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Comedian Kumail Nanjiani On HBO's 'Silicon Valley'

Wednesday, April 02, 2014

Some comics are launching a new startup — a fictional one for HBO’s new comedy, “Silicon Valley.”

It’s a half hour live action series that lampoons, well, the startup cult of Silicon Valley. The show, which premieres on Sunday is written and directed by Mike Judge, who was also behind “Beavis and Butt-head,” “Office Space” and “King of the Hill.”

The San Francisco Chronicle is calling it not only one of the best shows of the season, but the “best tech show yet” and “a Silicon Valley rarity: a startup that’s a sure thing.”

We speak with one of the stars, Pakistani American comedian Kumail Nanjiani. Nanjiani has been showing up all over the place — late night TV, “Portlandia,” “Franklin & Bash” and Comedy Central.

Nanjiani tells Here & Now’s Jeremy Hobson about his character on the new series and about coming to America from Pakistan and going from studying philosophy and computer science to becoming a stand-up comedian.

Interview Highlights: Kumail Nanjiani

On his character in HBO’s ‘Silicon Valley’

“This guy’s a really good programmer, so that makes him arrogant, because of his skills in a very specific world. And then I take that arrogance and apply it to every other aspect of his life that he’s not good at. So I think that guy’s funny ’cause he’s arrogant — about everything, about how he thinks he is with the ladies. He’s not good with the ladies. You know, all that stuff. He thinks he’s cool. He’s not cool. He’s only good at programming.”

On Silicon Valley and startup culture

“These people basically control our lives in so many ways. I mean, you look down at you phone, all of these apps are made by people over there and we really have no idea how that whole area’s set up. It really is about power and money. It’s really fascinating, but they’re sort of coded in this ‘Oh, we just want to make the world a better place and if we make a billions of dollar on the way, then that’s alright.’ … What’s interesting is that a lot of these guys have a lot of money, but they don’t really know how to party. So they’re sort of partying in their own world. They’re approximating what they think partying is. You know, the first scene of the episode, you’re at a really, really big ostentatious party, but you sort of see that it doesn’t quite work.”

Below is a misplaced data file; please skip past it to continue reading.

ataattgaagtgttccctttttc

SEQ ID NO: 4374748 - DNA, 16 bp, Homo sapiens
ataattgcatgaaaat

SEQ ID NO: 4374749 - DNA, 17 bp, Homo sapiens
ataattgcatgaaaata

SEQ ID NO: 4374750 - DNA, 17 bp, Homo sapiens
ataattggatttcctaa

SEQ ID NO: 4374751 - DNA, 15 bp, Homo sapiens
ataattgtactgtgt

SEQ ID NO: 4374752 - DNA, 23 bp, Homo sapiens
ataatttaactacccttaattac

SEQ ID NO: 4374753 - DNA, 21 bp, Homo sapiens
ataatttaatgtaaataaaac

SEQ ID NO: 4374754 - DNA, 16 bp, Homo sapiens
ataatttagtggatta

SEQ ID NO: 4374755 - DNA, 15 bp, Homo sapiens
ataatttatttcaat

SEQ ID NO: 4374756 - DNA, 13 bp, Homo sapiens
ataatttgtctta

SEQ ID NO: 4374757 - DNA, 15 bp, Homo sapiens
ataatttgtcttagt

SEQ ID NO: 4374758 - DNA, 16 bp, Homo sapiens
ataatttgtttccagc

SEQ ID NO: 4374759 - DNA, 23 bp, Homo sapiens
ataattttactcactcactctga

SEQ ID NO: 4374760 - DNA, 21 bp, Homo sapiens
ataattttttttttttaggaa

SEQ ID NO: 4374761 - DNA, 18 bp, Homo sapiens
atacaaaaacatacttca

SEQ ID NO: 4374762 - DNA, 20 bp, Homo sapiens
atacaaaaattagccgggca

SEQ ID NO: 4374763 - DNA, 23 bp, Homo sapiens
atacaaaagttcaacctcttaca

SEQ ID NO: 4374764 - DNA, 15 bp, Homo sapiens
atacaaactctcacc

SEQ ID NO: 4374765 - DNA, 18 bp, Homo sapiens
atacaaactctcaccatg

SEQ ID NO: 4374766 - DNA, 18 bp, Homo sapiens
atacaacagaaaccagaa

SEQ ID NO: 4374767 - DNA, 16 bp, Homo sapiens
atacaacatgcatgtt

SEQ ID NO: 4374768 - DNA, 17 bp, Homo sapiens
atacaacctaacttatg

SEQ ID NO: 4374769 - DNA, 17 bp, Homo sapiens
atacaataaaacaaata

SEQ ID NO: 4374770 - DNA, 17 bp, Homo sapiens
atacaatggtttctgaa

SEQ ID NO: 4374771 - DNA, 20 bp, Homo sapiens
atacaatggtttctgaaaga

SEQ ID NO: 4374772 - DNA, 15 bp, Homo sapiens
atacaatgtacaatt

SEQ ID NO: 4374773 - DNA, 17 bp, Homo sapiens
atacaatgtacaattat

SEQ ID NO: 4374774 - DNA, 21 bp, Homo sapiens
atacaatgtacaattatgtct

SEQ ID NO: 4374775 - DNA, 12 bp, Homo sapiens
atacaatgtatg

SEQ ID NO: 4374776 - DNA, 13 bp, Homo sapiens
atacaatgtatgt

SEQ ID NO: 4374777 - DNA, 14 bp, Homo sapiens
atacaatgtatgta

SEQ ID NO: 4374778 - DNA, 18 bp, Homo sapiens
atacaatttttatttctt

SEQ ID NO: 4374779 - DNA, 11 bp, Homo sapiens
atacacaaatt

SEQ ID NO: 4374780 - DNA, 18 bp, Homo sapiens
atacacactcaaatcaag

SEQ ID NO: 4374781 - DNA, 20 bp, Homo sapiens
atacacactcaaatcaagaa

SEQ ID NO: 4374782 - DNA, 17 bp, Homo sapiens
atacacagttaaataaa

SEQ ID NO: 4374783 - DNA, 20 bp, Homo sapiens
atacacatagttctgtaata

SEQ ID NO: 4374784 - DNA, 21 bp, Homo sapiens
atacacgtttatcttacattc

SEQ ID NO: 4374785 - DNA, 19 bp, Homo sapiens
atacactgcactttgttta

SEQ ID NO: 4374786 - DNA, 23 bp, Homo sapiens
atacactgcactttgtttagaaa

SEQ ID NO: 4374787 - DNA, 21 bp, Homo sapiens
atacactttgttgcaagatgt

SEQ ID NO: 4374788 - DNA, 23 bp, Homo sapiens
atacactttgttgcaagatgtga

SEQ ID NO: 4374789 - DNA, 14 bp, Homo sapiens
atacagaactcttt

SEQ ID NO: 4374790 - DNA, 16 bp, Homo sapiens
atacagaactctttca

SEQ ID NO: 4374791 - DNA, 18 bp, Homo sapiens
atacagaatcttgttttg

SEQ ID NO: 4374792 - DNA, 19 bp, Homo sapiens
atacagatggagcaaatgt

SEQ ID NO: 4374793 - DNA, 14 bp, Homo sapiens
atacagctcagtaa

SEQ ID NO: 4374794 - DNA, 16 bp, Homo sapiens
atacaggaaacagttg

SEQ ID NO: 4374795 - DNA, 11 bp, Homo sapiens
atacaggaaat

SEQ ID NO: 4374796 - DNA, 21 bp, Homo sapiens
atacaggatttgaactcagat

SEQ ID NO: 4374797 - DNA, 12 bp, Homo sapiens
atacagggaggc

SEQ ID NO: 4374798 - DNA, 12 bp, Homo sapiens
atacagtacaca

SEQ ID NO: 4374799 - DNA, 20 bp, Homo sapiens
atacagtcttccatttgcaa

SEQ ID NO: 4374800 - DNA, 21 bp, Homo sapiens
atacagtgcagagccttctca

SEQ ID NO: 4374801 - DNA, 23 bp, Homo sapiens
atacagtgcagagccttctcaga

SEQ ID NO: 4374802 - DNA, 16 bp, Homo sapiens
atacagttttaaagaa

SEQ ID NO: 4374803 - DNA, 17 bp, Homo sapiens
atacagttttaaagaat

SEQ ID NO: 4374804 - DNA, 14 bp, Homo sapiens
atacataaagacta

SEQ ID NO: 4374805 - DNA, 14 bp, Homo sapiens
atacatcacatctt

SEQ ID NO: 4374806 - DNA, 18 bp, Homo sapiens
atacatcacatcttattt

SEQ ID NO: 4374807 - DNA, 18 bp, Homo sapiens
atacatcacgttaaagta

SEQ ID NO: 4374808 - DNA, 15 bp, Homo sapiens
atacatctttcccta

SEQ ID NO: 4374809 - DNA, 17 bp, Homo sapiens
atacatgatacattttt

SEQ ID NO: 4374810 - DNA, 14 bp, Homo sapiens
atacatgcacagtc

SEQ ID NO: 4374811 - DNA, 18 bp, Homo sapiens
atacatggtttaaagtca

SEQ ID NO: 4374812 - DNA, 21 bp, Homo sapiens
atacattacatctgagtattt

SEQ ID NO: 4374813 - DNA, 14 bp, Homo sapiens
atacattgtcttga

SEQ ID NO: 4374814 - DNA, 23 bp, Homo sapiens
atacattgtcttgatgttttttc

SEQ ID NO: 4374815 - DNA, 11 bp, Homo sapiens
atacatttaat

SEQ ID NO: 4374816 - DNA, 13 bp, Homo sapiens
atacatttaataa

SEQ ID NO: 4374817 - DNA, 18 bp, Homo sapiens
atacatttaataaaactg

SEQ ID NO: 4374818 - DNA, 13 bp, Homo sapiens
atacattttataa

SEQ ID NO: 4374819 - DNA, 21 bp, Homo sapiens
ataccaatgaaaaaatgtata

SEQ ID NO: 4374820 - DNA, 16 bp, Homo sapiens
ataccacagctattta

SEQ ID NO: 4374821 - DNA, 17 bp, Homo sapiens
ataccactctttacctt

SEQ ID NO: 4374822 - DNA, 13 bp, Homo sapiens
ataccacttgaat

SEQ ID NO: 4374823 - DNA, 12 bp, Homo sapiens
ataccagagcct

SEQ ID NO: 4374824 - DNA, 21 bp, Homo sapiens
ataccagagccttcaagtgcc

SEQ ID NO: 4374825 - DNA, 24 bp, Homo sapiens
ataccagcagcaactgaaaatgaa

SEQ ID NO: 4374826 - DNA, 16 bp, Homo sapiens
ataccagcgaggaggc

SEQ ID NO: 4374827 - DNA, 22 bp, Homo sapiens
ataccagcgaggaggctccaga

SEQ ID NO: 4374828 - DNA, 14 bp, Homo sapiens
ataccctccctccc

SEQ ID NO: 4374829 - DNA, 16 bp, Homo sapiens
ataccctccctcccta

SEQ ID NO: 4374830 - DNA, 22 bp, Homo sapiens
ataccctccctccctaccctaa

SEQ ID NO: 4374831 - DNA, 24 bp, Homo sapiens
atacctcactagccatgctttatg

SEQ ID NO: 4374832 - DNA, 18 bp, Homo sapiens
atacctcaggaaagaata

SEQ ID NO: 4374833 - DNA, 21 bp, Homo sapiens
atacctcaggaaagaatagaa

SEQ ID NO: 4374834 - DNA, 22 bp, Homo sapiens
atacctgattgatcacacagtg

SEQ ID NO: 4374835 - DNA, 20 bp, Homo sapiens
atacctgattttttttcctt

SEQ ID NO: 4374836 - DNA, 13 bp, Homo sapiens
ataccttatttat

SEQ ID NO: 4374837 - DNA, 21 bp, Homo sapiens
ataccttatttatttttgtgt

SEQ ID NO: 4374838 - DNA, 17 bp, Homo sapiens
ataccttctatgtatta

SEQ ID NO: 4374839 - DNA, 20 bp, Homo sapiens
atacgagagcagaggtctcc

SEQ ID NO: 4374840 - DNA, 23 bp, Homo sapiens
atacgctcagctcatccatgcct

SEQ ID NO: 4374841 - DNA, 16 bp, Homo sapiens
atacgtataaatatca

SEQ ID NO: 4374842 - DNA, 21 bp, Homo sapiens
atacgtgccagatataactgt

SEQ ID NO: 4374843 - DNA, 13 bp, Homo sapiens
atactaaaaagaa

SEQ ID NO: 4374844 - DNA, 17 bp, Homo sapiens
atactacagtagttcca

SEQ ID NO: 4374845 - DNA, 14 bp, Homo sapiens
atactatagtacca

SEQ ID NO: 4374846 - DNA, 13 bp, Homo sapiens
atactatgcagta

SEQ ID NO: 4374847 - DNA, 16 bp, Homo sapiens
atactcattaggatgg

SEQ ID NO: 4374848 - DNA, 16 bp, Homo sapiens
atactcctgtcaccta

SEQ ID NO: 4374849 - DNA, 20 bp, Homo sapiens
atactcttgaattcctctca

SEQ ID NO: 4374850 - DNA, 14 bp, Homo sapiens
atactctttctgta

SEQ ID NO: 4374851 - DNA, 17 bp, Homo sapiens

On double majoring in philosophy and computer science

“I studied philosophy because I, you know, really wanted a high-paying job, and I studied computer science because it was my passion. Or is it the other way around? I can never remember. Yeah, I did computer science because I thought, you know, that’s what everyone was doing at the time, and everyone was getting jobs on it, and I was like ‘Alright, I’ll do this, I’ll get a job, I’ll be able to stay in the U.S.’ And then I studied philosophy because it was something I really liked doing, and then on graduation I was like, well one I’m no good at and one nobody really wants me to do. Actually my philosophy degree led me to this huge existential crisis about what I’m going to do with the rest of my life.”

On what it was like going from Pakistan to Iowa

“It was hundreds of things. I’d never shaken hands with a woman before; that was weird. My jaw hurt from talking English all the time because I was making, you know, these sounds that I wasn’t used to making all day every day. I mean, it was interesting in so many ways but also I’m glad that I did go to Iowa so there weren’t that many people around so it wasn’t completely overwhelming. I mean, I’d seen America in movies, you know, but you never really see Iowa in the movies very much.”

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Source: NPR

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